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Police clear rocket, interceptor fragments from over 100 sites in Israel’s south

While Palestinian Islamic Jihad has stopped launching rockets, the hundreds it fired at Israel during the recent escalation still pose a danger, says police bomb disposal expert.

Police dispose of a rocket fragment that came down in and damaged a parking lot in Netivot in southern Israel, on May 13, 2023. Photo by Yonatan Sindel/Flash90.
Police dispose of a rocket fragment that came down in and damaged a parking lot in Netivot in southern Israel, on May 13, 2023. Photo by Yonatan Sindel/Flash90.

As the truce between Israel and Palestinian Islamic Jihad entered its third day on Tuesday, Israeli police were busy clearing out the dangerous rocket remnants that remain scattered around the southern part of the country.

Supt. Raz Manur, commander of the Explosive Ordnance Disposal Team at the Negev police sub-district, told JNS on Tuesday that such fragments had been identified at more than 100 sites so far.

The fragments comprise parts of PIJ rockets and Iron Dome interceptors, as well as duds, some of which are dangerous, he said.

“We are still removing all of these dangers. Certainly, there are more remnants out there, and we are scanning for them,” he added.

Alongside searches, police are looking to southern residents, particularly farmers heading out to fields and greenhouses, for information regarding additional rocket debris, he said.

However, he emphasized that members of the public were not to attempt to clear such debris on their own.

“We call on civilians who see rocket parts and other weapons on the ground to not approach them, but rather, to call 100 instead, and an EOD officer will arrive to safely deal with it,” he said.

The police’s Negev sub-district came under heavy fire during the five-day escalation between May 9 and 13, with some 500 projectiles fired at the area by PIJ, out of around 1,470 fired at Israel in total (of which some 1,140 crossed into Israel, with the remainder falling inside the Gaza Strip).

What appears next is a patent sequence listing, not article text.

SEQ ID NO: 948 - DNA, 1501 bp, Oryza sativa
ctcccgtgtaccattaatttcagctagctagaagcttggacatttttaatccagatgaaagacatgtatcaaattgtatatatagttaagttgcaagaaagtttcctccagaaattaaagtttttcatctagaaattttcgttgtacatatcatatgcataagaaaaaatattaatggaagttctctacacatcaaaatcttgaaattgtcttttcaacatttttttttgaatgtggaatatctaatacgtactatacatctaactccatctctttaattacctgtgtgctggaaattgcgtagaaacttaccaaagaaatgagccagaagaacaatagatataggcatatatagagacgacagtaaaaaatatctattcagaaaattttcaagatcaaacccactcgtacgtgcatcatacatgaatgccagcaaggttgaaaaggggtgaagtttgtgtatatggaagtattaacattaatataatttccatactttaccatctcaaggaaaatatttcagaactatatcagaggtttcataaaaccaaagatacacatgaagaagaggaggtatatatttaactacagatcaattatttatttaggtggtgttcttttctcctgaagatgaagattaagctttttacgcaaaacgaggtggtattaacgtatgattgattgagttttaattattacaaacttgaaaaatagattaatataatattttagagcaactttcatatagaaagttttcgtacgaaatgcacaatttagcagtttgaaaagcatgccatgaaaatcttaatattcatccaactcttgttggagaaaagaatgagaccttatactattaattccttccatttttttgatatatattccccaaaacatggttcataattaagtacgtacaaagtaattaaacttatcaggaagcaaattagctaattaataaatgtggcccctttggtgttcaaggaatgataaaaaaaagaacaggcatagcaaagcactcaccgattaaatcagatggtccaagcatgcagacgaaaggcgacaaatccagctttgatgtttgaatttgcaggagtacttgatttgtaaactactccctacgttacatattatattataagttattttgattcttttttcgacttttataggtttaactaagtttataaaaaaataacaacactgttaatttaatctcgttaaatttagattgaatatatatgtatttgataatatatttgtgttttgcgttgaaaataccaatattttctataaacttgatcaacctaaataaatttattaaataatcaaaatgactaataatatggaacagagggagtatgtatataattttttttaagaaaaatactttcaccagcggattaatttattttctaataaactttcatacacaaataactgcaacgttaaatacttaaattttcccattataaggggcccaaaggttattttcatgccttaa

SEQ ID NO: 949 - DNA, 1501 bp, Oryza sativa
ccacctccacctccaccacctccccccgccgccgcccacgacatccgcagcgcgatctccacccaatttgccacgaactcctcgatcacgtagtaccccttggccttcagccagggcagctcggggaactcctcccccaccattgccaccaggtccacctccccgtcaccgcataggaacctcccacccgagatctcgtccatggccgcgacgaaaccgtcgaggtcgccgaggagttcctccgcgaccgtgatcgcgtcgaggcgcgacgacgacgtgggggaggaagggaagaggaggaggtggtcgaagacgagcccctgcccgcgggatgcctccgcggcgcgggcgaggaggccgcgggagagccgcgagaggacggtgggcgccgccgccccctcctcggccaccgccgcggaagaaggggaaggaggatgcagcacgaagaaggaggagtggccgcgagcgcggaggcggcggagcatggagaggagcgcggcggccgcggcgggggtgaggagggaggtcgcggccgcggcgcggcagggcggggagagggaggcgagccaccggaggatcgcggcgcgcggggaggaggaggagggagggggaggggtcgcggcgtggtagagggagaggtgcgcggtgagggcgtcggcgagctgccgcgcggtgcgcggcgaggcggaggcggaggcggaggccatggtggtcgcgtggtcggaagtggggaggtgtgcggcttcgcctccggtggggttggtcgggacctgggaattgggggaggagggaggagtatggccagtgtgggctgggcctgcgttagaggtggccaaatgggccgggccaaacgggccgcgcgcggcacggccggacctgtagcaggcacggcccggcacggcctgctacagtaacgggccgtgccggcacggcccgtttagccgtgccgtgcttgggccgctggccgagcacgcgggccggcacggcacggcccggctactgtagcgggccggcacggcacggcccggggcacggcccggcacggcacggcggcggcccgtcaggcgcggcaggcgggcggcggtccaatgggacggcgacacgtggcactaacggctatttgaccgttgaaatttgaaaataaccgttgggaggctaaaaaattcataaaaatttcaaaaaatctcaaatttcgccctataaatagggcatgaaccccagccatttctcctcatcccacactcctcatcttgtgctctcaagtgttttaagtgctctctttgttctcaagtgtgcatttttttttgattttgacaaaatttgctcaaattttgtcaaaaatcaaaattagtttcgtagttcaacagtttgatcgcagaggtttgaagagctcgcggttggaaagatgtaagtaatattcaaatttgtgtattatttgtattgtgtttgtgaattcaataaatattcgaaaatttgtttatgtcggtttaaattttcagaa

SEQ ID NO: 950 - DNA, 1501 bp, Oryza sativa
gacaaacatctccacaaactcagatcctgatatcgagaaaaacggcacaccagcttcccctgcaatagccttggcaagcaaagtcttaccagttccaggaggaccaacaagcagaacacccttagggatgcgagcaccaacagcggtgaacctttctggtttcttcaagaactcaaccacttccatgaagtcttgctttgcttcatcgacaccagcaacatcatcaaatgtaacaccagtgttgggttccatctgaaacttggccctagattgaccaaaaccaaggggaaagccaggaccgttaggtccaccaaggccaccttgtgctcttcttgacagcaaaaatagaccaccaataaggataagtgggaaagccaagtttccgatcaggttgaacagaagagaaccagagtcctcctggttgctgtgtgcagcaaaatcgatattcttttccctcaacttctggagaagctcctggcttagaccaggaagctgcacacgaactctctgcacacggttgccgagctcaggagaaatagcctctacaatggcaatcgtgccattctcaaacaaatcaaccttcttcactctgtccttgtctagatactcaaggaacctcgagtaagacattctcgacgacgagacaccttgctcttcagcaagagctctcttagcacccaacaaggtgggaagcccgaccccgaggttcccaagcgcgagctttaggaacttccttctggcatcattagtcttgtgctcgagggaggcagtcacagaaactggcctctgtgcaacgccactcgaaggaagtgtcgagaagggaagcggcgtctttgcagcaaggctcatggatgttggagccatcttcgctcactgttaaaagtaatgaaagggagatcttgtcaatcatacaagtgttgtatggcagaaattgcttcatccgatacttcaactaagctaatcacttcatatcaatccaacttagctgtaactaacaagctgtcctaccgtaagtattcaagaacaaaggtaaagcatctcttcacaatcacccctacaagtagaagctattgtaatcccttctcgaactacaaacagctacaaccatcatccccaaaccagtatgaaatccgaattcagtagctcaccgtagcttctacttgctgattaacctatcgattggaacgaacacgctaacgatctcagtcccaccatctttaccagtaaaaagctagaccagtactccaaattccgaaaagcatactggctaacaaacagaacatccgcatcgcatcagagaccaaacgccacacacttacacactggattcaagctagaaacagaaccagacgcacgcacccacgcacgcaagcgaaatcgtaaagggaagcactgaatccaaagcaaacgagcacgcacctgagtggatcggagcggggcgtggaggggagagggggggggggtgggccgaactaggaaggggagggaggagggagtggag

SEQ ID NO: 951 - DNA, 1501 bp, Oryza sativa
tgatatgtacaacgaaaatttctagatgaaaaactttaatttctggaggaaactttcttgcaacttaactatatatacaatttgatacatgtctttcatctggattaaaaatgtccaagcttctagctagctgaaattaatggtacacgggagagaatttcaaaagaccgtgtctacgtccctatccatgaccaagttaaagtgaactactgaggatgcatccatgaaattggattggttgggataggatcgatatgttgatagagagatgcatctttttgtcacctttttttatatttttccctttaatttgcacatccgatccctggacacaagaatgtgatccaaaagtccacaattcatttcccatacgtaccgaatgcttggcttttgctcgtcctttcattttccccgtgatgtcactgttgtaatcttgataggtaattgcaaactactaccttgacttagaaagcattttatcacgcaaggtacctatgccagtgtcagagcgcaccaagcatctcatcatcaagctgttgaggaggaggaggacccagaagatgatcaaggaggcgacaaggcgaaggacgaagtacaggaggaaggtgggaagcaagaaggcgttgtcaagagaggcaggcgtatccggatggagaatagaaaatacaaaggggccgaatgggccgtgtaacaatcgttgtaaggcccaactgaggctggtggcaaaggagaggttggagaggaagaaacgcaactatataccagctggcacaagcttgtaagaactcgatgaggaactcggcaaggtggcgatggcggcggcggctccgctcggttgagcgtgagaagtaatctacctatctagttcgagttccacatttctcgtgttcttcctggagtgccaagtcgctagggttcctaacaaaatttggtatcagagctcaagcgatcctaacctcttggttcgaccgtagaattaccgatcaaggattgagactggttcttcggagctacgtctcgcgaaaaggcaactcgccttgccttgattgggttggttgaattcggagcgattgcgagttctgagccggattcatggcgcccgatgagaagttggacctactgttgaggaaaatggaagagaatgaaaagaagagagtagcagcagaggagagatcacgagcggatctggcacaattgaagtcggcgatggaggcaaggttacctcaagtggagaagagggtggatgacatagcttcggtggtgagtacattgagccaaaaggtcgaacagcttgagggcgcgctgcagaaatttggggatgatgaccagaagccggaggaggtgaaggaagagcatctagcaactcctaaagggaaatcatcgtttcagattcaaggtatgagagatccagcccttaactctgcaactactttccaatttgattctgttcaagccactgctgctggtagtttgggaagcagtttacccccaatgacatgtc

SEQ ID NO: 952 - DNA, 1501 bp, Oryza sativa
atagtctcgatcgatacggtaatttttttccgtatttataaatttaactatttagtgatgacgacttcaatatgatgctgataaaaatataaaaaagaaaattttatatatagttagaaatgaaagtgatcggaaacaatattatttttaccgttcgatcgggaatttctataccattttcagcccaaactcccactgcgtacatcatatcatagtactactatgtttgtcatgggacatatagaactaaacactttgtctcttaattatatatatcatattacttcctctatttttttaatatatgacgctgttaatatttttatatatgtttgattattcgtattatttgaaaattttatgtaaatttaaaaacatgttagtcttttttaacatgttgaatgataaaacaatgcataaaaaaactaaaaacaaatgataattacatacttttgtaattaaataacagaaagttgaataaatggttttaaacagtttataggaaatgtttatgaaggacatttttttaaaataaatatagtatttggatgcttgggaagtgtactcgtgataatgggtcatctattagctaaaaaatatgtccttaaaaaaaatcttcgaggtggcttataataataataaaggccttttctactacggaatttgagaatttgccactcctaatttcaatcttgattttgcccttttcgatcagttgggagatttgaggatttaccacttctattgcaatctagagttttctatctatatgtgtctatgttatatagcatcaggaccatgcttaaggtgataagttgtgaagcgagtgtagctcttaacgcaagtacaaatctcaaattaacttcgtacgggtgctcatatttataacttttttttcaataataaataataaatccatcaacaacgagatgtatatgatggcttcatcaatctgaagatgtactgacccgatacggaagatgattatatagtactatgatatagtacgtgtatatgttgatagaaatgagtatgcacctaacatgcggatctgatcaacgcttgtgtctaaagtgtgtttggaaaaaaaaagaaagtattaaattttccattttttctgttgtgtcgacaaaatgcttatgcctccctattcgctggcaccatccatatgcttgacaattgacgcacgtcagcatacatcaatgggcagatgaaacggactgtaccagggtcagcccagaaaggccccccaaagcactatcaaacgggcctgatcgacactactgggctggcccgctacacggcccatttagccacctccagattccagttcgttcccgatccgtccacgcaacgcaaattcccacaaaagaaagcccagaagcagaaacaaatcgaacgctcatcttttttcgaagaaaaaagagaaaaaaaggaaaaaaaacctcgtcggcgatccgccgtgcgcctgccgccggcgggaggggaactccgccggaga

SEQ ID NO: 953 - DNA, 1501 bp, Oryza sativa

Police identified around 300 potential sites in the south where rockets may have come down, open areas that Israel’s Iron Dome air defense system is programmed not to protect, focusing instead on intercepting threats to inhabited areas.

Iron Dome intercepted more than 95% of rockets headed for built-up areas during the conflict, according to the Israeli military. Two civilians—an Israeli woman in Rehovot and a Gazan worker in the western Negev, were killed by PIJ rocket fire.

Manur recalled arriving at several impact zones during the escalation, including a dud rocket that fell near Kibbutz Kerem Shalom. The EOD team arrived on the scene with bomb-disposal robots and destroyed the rocket in a controlled explosion, he said.

His team of 24 explosive experts was active throughout the escalation, in Ofakim, Netivot and Beersheva, working around the clock to ensure that no warheads and projectiles were left behind.

“We do this under fire, during sirens, deploying with ceramic vests and helmets to the impact zone. Now we are clearing the area,” he said. 

Manur, a resident of Ashkelon, described how he and his team needed to leave families at home while sirens were sounding and head out to impact zones, knowing rocket attacks were occurring in real time.

“It’s challenging. But as southern residents, we have, unfortunately, gotten used to it,” he said.

Master Sgt. Dean Elsdunne, the Israel Police’s international spokesperson, said hundreds of rockets rained down in the south, “sending women and children running into bomb shelters.”

Speaking at Ofakim police station, Elsdunne pointed to a pile of rockets EOD officers had retrieved from parks and streets.

According to Elsdunne, the risk rockets and rocket debris pose isn’t just that they could explode.

“These materials have cancer-causing substances on them. That’s why we tell the public to call 100, to call for the EOD specialists,” he stated.

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